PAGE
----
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Since the 2013 Dance Music explosion, commercial level House music has become more and more prevalent in the official UK charts, often viewed as inherently disposable, fleeting and a little bit shallow. These tracks are often labelled as ‘crossover records’.
But what does it actually mean? Well, in layman’s terms it simply defines a record that crosses from a less popular scene, into one with a broader commercial audience. Often in the form of a record that starts at an indie label, and then licensed to a major label, similarly representing the ‘crossover’.
It’s safe to say however, that 2018 has these seen these records in particularly affluent health. Artists like Weiss, KDA & Ritonbringing much needed relief to the British listeners with their simple but infectious melodies and large emphasis on aesthetic.
Even Scottish superstar Calvin Harris has confessed that he feels he is doing a “disservice” to himself for not letting the influence of UK House music influence his productions more.
It’s clear that this new wave of artists have been deliberately harking back to the 1990’s, blending its raw sound with the present-day interpretation of former club trends. The UK House sound is slowly reforming its legacy and cultural influence, even when separated from its roots in the club.
Toolroom has always been known for nurturing new talent on both sides of the listener spectrum. With a wealth of artists who have launched their careers in and around the label, including Dave Spoon (now Shadow Child), Fedde le Grand, Hardwell, and more recently Weiss – It seemed only fitting to pay homage to our commercial ties by releasing a sample pack of similar mainstream nature.
James F Reynolds Presents – Future Pop, is the first sample pack of its kind here at Toolroom Academy. We got in touch with the world class engineer gone mixer who kindly agreed to put together a sample pack for us. But not just any sample pack. A pack that’s brimming with top tier Dance music samples, produced with the finest tools in the industry and built with one sole purpose in mind; to create a masterful collection of sample sounds that are fit for radio, fit for the Spotify A-lists and fit for mainstream consumption. Without the cheese, bells or whistles.
Today, in respect of our collection of producer tools, we have set aside of a list of top tips and tricks to help you approach the crossover territory:
Firstly, 99% of crossover records have a feature vocal, or at least some tangible vocal melody, but not only that, it has to be good. Not all vocals need to be performed to an exceptionally high level, but a “hook” is almost entirely necessary. Think laterally when it comes to processing, if your vocal needs something extra, don’t be afraid to add some effects to spice it up. Make a habit of experimentation, but be aware that no amount of processing will fix an average vocal. How does that old saying go again? You can’t polish what?
Nowadays with the launch of Splice and the general growth of the sample packs industry, an enormous sound library seems like an essential feat, but in reality, when it comes to Pop House… it’s sometimes necessary to strip it back. The less elements used, the easier it will be to create a massive sound. Minimal instrumentation means your elements can be pushed much further due to the larger stereo space. This enhances clarity and boldness whilst allowing space for your vocal to sit nicely on top.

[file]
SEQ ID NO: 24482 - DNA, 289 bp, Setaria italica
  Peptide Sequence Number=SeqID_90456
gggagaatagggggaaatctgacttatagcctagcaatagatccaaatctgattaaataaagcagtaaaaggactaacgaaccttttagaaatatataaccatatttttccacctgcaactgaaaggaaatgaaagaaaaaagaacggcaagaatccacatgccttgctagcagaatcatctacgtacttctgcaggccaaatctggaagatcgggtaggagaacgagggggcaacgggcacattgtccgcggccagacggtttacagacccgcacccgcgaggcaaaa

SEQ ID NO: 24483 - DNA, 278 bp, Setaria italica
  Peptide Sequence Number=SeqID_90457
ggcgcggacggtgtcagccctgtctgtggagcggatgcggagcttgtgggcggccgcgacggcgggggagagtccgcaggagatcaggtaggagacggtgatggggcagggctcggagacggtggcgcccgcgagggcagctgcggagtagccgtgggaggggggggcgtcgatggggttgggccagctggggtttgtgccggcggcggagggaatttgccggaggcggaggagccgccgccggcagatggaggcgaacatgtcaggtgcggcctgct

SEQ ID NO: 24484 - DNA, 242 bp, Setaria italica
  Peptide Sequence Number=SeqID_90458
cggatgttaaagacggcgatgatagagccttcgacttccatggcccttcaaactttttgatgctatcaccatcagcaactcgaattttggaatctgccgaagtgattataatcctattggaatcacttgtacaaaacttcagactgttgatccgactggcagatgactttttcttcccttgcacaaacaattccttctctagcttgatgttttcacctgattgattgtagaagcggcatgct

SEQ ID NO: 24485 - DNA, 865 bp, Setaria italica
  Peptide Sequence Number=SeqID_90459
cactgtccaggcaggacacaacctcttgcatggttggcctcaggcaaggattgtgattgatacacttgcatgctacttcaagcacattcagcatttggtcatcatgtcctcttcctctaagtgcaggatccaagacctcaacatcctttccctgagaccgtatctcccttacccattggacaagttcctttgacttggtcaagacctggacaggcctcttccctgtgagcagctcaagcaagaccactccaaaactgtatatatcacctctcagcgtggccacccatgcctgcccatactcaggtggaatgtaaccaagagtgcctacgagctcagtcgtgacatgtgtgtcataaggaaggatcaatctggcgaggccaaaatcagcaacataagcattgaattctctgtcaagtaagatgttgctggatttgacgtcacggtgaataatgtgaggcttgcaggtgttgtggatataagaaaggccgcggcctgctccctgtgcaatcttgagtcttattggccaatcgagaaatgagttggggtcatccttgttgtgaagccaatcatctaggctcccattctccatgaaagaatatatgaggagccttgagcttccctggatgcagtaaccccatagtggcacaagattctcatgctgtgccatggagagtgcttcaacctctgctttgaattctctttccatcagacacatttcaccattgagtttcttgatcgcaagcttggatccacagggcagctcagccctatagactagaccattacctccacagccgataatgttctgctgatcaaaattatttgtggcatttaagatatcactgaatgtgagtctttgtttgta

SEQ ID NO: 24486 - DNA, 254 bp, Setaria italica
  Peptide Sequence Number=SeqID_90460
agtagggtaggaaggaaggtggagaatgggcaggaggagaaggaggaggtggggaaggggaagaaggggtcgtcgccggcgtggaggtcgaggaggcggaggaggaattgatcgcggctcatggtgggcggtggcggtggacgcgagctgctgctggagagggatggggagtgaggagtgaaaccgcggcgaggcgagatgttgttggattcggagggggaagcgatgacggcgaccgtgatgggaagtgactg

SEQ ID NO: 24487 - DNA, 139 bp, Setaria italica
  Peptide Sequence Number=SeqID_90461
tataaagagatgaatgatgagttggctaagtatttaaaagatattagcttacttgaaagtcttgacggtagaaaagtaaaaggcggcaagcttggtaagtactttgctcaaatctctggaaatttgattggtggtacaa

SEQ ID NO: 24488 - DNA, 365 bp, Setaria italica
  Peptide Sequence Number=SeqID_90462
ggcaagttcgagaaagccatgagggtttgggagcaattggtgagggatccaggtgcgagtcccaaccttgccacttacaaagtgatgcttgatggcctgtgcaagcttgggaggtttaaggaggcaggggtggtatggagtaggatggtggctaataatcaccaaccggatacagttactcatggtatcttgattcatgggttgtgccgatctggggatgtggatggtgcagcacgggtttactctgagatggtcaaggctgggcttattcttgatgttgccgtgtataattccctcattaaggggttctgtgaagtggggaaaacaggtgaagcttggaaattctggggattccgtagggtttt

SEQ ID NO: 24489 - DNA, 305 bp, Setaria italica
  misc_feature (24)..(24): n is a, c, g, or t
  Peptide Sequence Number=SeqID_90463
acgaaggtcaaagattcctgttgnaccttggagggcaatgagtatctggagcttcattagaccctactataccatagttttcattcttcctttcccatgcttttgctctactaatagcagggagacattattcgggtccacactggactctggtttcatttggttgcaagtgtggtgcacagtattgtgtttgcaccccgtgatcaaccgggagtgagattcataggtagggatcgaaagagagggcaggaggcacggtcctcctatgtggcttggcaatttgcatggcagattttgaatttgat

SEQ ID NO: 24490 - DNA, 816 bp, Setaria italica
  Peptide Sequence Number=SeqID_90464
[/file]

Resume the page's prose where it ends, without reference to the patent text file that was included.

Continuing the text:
When it comes to studio gear, it’s always good practice to keep your finger on the buzzer, both in and outside of the box. Often, new technology can define the sound of what’s heard in the charts. Generally being culturally aware can help you predict trends and get ahead of the game. For example, fashion and music go hand in hand. Have you noticed the amount of young people dressing in 90’s attire? Have you noticed the amount of 90’s inspired Dance tracks?
Often, aesthetics and style choices can be hard to think up, so let your personal tastes guide your musical ones. The best way to get the most out of a production session is to transpose your emotional thoughts and tastes into your project. Ask yourself what excites you and consider how to put that down into your record.
You don’t, by any means, need to invent something new, but you should have the courage to freely experiment with your own ideas rather than analysing someone else’s work. As always, those tried and tested formulas will always work, but putting your stamp on your work will always help you stand out from the crowd.
On the most part, if you want your track to even stand a chance of gaining commercial success, you above all else need have a flawless and dynamic mix. A solid mix will sound good on all systems; be it on the radio, in the club, in the car or on your headphones.
If you’re unsigned and have a great idea for a track, but your mix is a little rusty, why not invest in a professional mix? More often than not those artists who invest their own money into their craft, end up being the ones who fast track themselves to success.
James F Reynolds Presents – Future Pop is out now on Splice for all those interested in diving into the world of Pop House. James has an impressive list of credits on crossover records with Gorgon City, Sigala, Blonde, Sam Feldt, Jay Prior, Tiesto and Mark Knight so it’s safe to say this man has been there, done that and got the t-shirt.
With astronomical success already under his belt, it was only a matter of time before he focused his efforts into sharing his production legacy, transforming it into an infinite array of dynamite samples.